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By Allison Linn

People who are still working when they are near or past traditional retirement age are now earning significantly more per hour, on average, than workers who are in their prime working years, according to a new analysis of government data.

That’s a major shift from the 1980s and 1990s, according to the Brookings Institution analysis.

Experts say that’s partly because people who keep working past age 60 tend to be better educated, in better health and – most likely – in jobs that are going well. But it’s also partly because prime-age workers have had such a tough time of it since the nation went into recession in 2007.

“They all look like they’re doing pretty well because the younger people are doing relatively more poorly,” said Gary Burtless, a labor economist with the Brookings Institution and the author of the analysis.

The report, which was funded by the Social Security Administration, found that 60- to 74-year-old men who were still working earned $25.12 an hour, on average, in 2011. That’s more than 20 percent more than the average hourly wage of working men ages 25 to 59, which was $20.55 an hour in 2011.

Working women ages 60 to 74 earned an average of $18.51 an hour in 2011, nearly 10 percent more than the average hourly wage of $16.87 per hour for 25- to 59-year-old women.

The big disparity is a change from years past. In the 1980s and 1990s, the average older men’s hourly wages were about the same as younger workers’ wages, and older women were earning a bit less per hour, on average, than younger women.

Then, between 2007 and 2010, older workers’ average hourly wages saw a significant bump, while the young workers’ average hourly wages largely stagnated, according to the Brookings analysis.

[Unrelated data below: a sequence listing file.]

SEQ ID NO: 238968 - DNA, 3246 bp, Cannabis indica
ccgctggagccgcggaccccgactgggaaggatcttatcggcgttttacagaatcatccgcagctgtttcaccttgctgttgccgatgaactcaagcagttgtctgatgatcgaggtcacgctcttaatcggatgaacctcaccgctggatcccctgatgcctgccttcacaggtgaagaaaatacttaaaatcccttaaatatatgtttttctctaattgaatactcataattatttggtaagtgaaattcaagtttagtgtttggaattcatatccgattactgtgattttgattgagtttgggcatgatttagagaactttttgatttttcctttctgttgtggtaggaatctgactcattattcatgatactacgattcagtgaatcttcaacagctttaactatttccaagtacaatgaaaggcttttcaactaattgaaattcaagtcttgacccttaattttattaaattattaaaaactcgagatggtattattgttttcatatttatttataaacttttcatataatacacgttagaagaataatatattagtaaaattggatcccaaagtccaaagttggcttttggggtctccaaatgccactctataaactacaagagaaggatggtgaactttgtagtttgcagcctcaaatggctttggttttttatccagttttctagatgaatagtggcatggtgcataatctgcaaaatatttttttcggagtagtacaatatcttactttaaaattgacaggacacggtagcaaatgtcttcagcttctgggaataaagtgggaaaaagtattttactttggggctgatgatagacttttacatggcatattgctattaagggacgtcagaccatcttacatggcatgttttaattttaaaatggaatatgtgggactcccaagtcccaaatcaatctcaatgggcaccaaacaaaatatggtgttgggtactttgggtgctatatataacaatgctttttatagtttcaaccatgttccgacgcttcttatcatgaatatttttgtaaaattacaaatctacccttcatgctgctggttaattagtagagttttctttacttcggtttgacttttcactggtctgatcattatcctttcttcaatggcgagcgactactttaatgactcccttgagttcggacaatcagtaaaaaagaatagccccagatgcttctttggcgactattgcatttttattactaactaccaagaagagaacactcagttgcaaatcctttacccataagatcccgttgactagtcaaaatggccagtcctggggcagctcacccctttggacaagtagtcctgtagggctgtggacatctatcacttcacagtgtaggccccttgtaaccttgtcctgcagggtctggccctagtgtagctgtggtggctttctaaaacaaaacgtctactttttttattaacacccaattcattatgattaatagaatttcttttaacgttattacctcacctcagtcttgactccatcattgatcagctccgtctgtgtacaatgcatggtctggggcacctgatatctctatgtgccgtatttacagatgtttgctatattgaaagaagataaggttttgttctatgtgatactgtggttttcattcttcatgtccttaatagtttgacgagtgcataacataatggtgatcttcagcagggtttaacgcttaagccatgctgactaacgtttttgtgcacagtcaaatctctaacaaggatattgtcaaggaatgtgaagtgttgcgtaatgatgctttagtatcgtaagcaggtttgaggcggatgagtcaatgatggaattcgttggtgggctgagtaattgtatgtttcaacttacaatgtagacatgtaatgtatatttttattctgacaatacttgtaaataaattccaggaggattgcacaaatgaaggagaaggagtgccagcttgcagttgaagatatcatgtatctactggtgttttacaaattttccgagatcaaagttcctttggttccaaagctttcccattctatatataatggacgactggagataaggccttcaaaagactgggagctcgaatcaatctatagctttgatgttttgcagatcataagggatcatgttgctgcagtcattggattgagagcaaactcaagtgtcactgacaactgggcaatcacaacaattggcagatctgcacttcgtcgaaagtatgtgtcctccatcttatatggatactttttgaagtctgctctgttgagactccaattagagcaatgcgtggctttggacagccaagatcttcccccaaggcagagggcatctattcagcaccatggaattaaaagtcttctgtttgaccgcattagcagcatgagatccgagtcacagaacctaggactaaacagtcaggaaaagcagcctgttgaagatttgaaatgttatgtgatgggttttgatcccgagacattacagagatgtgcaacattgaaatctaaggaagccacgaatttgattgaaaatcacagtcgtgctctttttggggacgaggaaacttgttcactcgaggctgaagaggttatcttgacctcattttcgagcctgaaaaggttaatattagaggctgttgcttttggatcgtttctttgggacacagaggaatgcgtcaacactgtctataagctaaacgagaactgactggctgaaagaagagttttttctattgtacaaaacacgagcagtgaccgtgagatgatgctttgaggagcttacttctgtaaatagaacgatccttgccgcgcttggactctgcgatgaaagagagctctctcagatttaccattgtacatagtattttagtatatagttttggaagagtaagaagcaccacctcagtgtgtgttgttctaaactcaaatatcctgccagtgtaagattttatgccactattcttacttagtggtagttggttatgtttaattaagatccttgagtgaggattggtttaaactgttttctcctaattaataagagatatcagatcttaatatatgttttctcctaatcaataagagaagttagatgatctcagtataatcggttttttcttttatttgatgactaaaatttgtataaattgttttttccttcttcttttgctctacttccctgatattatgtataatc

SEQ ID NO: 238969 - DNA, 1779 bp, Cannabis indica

The average wages for both groups fell in 2011, the most recent year for which data was available. All of the figures are in constant 2010 dollars.

The younger workers' annual wages were slightly higher, overall, than the older workers, which Burtless said is because younger workers tend to work more hours.

Of course, there is a significant pool of older people who aren’t working but could really use the paycheck and may be falling short financially. Some may have lost a job and had trouble finding a new one, while others were forced to stop working because of ill health.

The percentage of Americans working past age 65 has been creeping up, but experts say that those who do keep working are generally still better off.

“On average, the case seems to be that the people who are continuing to work are in better health, they have better schooling (and) they have an employer who values their contributions. They’re the most robust and better trained people,” Burtless said. “It’s not the people who are desperate to top up their Social Security check.”

Ronald Lee, a professor of demography and economics at UC Berkeley, said another factor is that today’s older workers are likely to be more highly educated than the older workers of 30 years ago. That means they can likely command a higher paycheck then the older workers in the 1980s and 1990s could.

He said the fact that prime-age workers are earning less in comparison to their parents and grandparents does raise concerns. People who take longer to get into career-track positions, or who start out earning very low wages, may never make up that lost financial ground.

“There’s a lifetime hit that those generations take," Lee said.